Games From 1997

You just didn’t see that in games in 1997. You can shoot both barrels at once for the shotgun, for example, or sweep enemies with the Tommy gun. You can also occasionally get the ability to dual wield weapons akimbo-style, doubling the pleasure and doubling the fun. This is extremely useful, as the enemies that you encounter will die quicker. I really only mention this because you will need every ounce of power you can against these enemies. Every undead creature, demon or evil monk you encounter is absolutely hellbent on killing you and killing you fast. It’s really not uncommon at all to turn a corner and get slaughtered within a second, even with full health. And even on lower difficulties. You can often have 10 to 15 murderous ghouls after you at once, so dying is probably going to be very common. Of course, if he’s back from the dead already, how does that work? That’s a question for another day. Being called Blood, I do have to mention the… blood real quick. There is no reason for this game to have as much blood and gore as it does.

Except that it is awesome. I mean, it’s flying everywhere. It’s on the walls, it’s on the floors, it’s hanging from the ceilings I mean, there’s nastiness all over the place. This is easily the goriest game to date in 1997. The thrill of blowing off heads and disemboweling demons with weapons that probably shouldn’t do so never gets old. You can even kick around the heads until they fall apart, if you want. Interactivity. Yay! There’s no reason for such things, and that is what makes Blood so fun. As with Duke 3D, there are lots of interactions and goodies to find throughout the levels. As expected, there are plenty of movie references to things like Frankenstein, Friday the 13th, of course Army of Darkness, The Shining. “Heeeeere’s Johnny!” [gunshot] There’s even a Jaws one thrown in there. “You’re going to need a bigger boat.” But there are also several memorable lines by Caleb himself throughout gameplay, although he’s not nearly as vocal as Duke or Lo Wang. And the levels themselves remain fun, with very few dips in enjoyment. Occasionally, they’ll get a little maze-like, but that’s just kind of to be expected for whatever reason. Mainly due to similar textures being used.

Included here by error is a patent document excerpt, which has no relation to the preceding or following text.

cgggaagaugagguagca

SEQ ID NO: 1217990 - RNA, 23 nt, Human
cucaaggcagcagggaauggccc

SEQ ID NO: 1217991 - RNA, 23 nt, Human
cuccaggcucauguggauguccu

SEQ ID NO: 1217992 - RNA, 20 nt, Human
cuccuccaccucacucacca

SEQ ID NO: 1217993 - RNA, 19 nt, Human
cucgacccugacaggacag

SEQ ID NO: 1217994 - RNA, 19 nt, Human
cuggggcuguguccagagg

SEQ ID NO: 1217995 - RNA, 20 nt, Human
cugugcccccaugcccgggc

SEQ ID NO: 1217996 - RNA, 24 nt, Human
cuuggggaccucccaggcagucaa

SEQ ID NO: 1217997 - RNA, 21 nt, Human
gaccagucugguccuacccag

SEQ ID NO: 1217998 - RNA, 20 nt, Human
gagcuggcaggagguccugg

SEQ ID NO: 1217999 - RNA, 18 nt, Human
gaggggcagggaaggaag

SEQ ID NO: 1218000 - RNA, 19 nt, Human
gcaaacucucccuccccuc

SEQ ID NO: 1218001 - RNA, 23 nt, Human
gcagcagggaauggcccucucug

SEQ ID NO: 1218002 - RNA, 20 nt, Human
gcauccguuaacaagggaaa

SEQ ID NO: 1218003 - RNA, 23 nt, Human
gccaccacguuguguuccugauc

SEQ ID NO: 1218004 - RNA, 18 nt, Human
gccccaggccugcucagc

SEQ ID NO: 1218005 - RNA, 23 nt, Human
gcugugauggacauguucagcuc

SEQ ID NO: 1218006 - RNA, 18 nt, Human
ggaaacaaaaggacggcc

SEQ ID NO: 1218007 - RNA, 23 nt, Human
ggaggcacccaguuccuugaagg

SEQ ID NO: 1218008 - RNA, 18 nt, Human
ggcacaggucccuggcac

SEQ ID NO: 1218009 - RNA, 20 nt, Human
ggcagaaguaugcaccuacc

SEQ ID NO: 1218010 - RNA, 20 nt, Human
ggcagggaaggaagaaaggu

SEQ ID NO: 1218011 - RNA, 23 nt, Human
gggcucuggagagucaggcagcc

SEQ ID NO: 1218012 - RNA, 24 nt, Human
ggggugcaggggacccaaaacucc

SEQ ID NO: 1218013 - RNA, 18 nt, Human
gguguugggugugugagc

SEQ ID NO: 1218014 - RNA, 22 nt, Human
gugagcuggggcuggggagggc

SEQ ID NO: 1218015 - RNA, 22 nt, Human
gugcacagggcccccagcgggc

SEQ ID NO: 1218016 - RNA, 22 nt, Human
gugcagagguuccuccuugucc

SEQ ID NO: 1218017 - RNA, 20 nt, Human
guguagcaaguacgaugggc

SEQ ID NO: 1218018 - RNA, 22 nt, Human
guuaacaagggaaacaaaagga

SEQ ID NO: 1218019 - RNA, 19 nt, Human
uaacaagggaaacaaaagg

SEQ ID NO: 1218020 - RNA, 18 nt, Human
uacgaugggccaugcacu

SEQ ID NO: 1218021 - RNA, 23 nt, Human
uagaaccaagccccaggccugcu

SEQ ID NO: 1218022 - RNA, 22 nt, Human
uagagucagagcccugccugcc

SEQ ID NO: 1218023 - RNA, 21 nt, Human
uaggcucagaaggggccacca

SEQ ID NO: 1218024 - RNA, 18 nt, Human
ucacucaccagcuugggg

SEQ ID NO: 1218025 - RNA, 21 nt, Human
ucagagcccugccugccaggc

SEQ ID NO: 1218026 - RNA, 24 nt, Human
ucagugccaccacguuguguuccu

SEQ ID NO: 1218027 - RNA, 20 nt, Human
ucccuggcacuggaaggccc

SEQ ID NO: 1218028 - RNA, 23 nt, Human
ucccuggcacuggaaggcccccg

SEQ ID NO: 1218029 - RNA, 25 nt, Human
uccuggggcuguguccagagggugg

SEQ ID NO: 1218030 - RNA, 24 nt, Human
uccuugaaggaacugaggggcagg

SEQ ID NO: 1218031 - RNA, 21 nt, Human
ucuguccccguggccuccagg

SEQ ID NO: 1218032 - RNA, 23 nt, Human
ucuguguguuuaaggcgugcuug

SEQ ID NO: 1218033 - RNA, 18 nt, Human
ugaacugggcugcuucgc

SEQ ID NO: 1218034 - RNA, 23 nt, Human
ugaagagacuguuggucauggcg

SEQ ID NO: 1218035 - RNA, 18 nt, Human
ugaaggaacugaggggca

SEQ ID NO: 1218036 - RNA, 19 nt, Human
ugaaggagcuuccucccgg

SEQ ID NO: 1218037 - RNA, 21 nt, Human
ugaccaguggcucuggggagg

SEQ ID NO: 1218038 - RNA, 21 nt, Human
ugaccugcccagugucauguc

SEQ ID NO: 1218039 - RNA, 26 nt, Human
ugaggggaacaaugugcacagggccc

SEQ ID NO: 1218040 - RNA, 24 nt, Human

There are, of course, a few annoying platforming sections, which I just to not think belong in an FPS game at all. And some of the levels can get very confusing for the reasons I mentioned earlier. Also, you can have up to six keys in one level that you’ll have to find, which is a few too many, in my opinion. And the doors are really not clearly marked either at all times, so navigation tends to be the most annoying thing in the game. Still, it never made me want to quit playing, just to take a break once in a while and then go back and shotgun some zombies’ heads off, Dawn of the Dead-style. But simply, Blood is bloody fun, complete with all of the trademark aspects that make 3D Realms games so enjoyable.

There is a lot of gameplay here too, more than the original Duke 3D and more than Shadow Warrior. So you’ll probably be playing it for quite a while, should you choose to get it. And if you can locate the game and the two expansion packs for it, The Plasma Pak and Cryptic Passage, there’s even more to enjoy. But that may be the problem: finding it. The game didn’t sell extremely well, the expansion packs sold even less, so it has become – well, somewhat appropriately – a cult classic of sorts, and finding a complete copy at a decent price can be a very good challenge. But the search is honestly worth it, because if you like horror, violence, and a good time for the sake of a good time in a first-person shooter, Blood is one disgustingly wonderful way to spend an afternoon.